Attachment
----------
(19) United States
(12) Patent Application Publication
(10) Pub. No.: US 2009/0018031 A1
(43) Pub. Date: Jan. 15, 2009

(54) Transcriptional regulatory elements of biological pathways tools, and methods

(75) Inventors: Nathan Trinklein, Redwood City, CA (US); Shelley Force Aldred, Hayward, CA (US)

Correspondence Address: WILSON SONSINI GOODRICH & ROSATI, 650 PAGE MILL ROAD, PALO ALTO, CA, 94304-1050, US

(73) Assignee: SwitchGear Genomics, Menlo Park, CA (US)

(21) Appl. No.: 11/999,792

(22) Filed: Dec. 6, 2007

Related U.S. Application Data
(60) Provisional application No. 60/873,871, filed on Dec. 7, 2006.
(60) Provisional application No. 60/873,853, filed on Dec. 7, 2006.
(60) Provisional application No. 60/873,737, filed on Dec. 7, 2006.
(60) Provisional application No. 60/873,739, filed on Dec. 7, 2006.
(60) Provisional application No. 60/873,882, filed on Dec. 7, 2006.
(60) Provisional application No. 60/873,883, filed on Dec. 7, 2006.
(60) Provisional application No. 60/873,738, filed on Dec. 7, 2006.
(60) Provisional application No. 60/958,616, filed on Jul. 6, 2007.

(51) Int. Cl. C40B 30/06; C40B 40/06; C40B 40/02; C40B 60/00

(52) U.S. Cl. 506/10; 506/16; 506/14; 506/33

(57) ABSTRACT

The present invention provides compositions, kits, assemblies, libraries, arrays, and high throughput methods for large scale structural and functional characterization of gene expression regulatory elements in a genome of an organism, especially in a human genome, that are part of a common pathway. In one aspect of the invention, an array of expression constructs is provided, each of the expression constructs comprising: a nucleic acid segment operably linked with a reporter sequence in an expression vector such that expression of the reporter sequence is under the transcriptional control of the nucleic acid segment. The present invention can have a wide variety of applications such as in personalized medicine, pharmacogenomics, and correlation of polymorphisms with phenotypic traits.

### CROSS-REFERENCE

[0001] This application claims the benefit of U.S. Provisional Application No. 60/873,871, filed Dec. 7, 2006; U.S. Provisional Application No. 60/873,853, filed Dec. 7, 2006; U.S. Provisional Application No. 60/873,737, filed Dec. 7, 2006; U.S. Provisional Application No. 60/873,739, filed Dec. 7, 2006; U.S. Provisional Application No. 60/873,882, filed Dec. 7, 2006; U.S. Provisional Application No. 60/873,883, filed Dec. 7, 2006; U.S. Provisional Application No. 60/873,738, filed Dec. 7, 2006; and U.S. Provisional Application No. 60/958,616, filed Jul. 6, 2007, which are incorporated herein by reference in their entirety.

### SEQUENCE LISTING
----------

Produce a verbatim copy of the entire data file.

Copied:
(19) United States
(12) Patent Application Publication
(10) Pub. No.: US 2009/0018031 A1
(43) Pub. Date: Jan. 15, 2009

(54) Transcriptional regulatory elements of biological pathways tools, and methods

(75) Inventors: Nathan Trinklein, Redwood City, CA (US); Shelley Force Aldred, Hayward, CA (US)

Correspondence Address: WILSON SONSINI GOODRICH & ROSATI, 650 PAGE MILL ROAD, PALO ALTO, CA, 94304-1050, US

(73) Assignee: SwitchGear Genomics, Menlo Park, CA (US)

(21) Appl. No.: 11/999,792

(22) Filed: Dec. 6, 2007

Related U.S. Application Data
(60) Provisional application No. 60/873,871, filed on Dec. 7, 2006.
(60) Provisional application No. 60/873,853, filed on Dec. 7, 2006.
(60) Provisional application No. 60/873,737, filed on Dec. 7, 2006.
(60) Provisional application No. 60/873,739, filed on Dec. 7, 2006.
(60) Provisional application No. 60/873,882, filed on Dec. 7, 2006.
(60) Provisional application No. 60/873,883, filed on Dec. 7, 2006.
(60) Provisional application No. 60/873,738, filed on Dec. 7, 2006.
(60) Provisional application No. 60/958,616, filed on Jul. 6, 2007.

(51) Int. Cl. C40B 30/06; C40B 40/06; C40B 40/02; C40B 60/00

(52) U.S. Cl. 506/10; 506/16; 506/14; 506/33

(57) ABSTRACT

The present invention provides compositions, kits, assemblies, libraries, arrays, and high throughput methods for large scale structural and functional characterization of gene expression regulatory elements in a genome of an organism, especially in a human genome, that are part of a common pathway. In one aspect of the invention, an array of expression constructs is provided, each of the expression constructs comprising: a nucleic acid segment operably linked with a reporter sequence in an expression vector such that expression of the reporter sequence is under the transcriptional control of the nucleic acid segment. The present invention can have a wide variety of applications such as in personalized medicine, pharmacogenomics, and correlation of polymorphisms with phenotypic traits.

### CROSS-REFERENCE

[0001] This application claims the benefit of U.S. Provisional Application No. 60/873,871, filed Dec. 7, 2006; U.S. Provisional Application No. 60/873,853, filed Dec. 7, 2006; U.S. Provisional Application No. 60/873,737, filed Dec. 7, 2006; U.S. Provisional Application No. 60/873,739, filed Dec. 7, 2006; U.S. Provisional Application No. 60/873,882, filed Dec. 7, 2006; U.S. Provisional Application No. 60/873,883, filed Dec. 7, 2006; U.S. Provisional Application No. 60/873,738, filed Dec. 7, 2006; and U.S. Provisional Application No. 60/958,616, filed Jul. 6, 2007, which are incorporated herein by reference in their entirety.

### SEQUENCE LISTING